Using Screen Time to Grow Social and Language Skills for Your Child with Autism

Co-viewing is a great way for parents to reinforce social communication skills and the understanding of feelings and emotions.

At-Home Learning is an early childhood education resource (for ages 2-8) providing families, educators and community partners with at-home learning activities, guides, and expert advice.


Some people think that plopping children in front of a television or tablet for entertainment can impact their development in a negative way, but that’s not always the case. When you join your child in front of a screen and enter their world, you can unlock extraordinary opportunities for growth in social communication and emotional intelligence, especially in the case of children on the autism spectrum.

A man and a little boy watch something on a tablet together as they lie down on a carpet next to each other
Co-viewing isn’t lazy! It can help grow your child’s social, emotional and language skills.

A Texas Tech University study found children’s learning increases when a parent or caregiver sits next to the child and watches the show with them. A parent’s presence makes all the difference. Also known as co-viewing, joining in on screen time can support the foundational skills taught in speech and language therapy for children on the autism spectrum. It encourages the multiple uses of language for greeting, informing and requesting, teaches how to change your language based on the setting and the communication partner, and models pacing during storytelling and conversations. Co-viewing allows parents to reinforce these social communication skills along with an understanding of feelings and emotions to increase a child’s ability to succeed independently during social interactions.

Below are some tips to take screen time to the next level and make it a positive experience for a child’s development.

Pause for Teachable Moments

To start, parents should choose a show or video that includes teachable moments specific to social communication skills and emotional intelligence, such as “Sesame Street” and “Daniel Tiger’s Neighborhood.” The latter is a goldmine for targeting these skills. Research has indicated Daniel Tiger helps preschoolers on the autism spectrum learn specific social skills, such as sharing with peers.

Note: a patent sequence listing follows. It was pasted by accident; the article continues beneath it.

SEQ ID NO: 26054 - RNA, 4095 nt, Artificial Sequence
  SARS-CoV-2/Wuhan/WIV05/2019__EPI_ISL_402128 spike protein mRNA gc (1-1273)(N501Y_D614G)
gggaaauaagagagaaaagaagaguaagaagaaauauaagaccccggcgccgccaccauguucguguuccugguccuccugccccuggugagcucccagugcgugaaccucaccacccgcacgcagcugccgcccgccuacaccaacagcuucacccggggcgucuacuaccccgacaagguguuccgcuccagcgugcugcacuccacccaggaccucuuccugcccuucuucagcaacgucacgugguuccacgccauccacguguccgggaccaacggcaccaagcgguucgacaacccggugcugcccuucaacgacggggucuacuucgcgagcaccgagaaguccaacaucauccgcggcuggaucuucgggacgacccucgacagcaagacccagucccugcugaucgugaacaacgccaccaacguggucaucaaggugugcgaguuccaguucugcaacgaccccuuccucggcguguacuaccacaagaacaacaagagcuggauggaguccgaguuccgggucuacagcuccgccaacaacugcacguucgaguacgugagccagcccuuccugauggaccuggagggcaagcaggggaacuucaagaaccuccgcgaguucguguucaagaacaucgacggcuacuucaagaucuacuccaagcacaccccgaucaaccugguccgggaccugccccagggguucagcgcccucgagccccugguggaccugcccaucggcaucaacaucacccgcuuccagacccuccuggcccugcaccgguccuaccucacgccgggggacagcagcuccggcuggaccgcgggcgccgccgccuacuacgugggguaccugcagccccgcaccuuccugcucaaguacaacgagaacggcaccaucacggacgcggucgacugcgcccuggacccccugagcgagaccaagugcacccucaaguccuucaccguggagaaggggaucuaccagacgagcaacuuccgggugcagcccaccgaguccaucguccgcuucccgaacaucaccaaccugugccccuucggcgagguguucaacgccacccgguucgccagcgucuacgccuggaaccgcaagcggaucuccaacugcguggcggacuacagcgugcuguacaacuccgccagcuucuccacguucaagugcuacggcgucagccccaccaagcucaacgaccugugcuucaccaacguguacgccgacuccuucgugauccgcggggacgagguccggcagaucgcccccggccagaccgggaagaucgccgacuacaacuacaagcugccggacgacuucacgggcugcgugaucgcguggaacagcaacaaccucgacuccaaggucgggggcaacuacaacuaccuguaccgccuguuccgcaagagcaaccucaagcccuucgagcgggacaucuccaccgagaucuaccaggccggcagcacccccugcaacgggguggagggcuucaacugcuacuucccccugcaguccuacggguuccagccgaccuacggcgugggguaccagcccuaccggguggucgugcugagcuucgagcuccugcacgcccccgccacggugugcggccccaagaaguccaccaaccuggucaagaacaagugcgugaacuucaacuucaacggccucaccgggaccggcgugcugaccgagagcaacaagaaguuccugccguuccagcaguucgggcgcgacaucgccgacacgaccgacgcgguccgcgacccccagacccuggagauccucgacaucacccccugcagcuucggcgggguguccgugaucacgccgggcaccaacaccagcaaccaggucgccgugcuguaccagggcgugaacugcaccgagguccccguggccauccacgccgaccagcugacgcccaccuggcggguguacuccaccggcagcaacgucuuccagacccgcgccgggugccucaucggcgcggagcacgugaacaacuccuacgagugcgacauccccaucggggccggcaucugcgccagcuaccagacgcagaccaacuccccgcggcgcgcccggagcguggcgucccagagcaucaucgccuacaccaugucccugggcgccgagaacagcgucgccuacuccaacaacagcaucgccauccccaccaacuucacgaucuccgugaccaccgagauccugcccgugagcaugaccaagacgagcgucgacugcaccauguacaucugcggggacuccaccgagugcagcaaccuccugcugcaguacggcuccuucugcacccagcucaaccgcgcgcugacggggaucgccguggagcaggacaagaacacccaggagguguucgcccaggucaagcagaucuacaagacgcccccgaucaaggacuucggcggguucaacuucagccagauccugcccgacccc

Each episode begins with Daniel Tiger inviting the viewer in and asking if they would like to make believe with him. Hit pause after Daniel Tiger asks this question and confirm with your child if they want to make believe with Daniel Tiger, and if they want you to come along as well. Ask them to invite you and show them how. This is called initiating. Say something like, “Now you can invite me to make believe by asking, ‘Dad, do you want to make believe with me?’” Express to your child how happy it makes you that they invited you to encourage them to do this in the future. Many children on the autism spectrum are desperate to join in on peer fun or invite others to join them and this tool teaches them how to do that.

Repeat this when Daniel Tiger or his friends initiate a question. Remember to do so a maximum of three times per episode or clip to avoid unwanted frustration and to keep your child motivated.

Point Out and Practice the Emotions

Cartoon of a small tiger frowning next to a bunch of balloons
Daniel Tiger is great at teaching kids what different emotions look like.

Parents can also pause to identify a new feeling on the show and to practice imitating that emotion together. Daniel Tiger and his family and friends exhibit and name a variety of emotions throughout each episode. When Daniel’s cake gets smooshed in the birthday episode, he says he is frustrated, for example. Pause to talk about Daniel Tiger’s body posture, his eyes and eyebrows, and the shape of his mouth, and then label the emotion out loud. For example, a child can say the word “frustrated” out loud or generate that message on their speech generating device, and then practice making the corresponding face and body language that show frustration. Repeat this when Daniel Tiger is happy or excited, or when Katerina or Prince Wednesday are sad, surprised or worried. There are a variety of emotions to practice for each episode.

Participate and Show Delight

Parents can also look out for the parts of the show that captivate their child and join in on the fun. Children are quick to learn the catchy songs, dancing and smiling along. When Daniel is nervous about trying a new food and sings, “You gotta try new things, cause they might taste good!” parents can sing it, too. By showing interest and engagement with the show, you are sending a message to your child that you care about what they enjoy. This bond results in increased participation and motivation from your child.

Bridge What You Watched to Everyday Life

When the show is over, the social and emotional learning does not stop. Help your child carry what they learned in the show into everyday life. If your child becomes frustrated, you can initiate a song Daniel Tiger sang in the show, such as, “When something seems bad, turn it around, and find something good.” You can also use the feelings identified in the show to point out how your child might be feeling, including when they are happy! Learning social communication skills and increasing emotional intelligence takes practice in natural environments.

Watch it Again

Most likely, a child will want to watch the same episode or clip again and that’s okay. This offers another opportunity to find teachable moments and to look for new ones to expand on. Ask, “Why does Daniel Tiger feel (angry, sad, happy, scared)?” Remember, you are teaching your child the rules of social communication and laying the groundwork for emotional intelligence simply by watching TV together.

So parents, wave goodbye to shame. Turn that screen back on and plop down next to your child for a productive co-viewing session.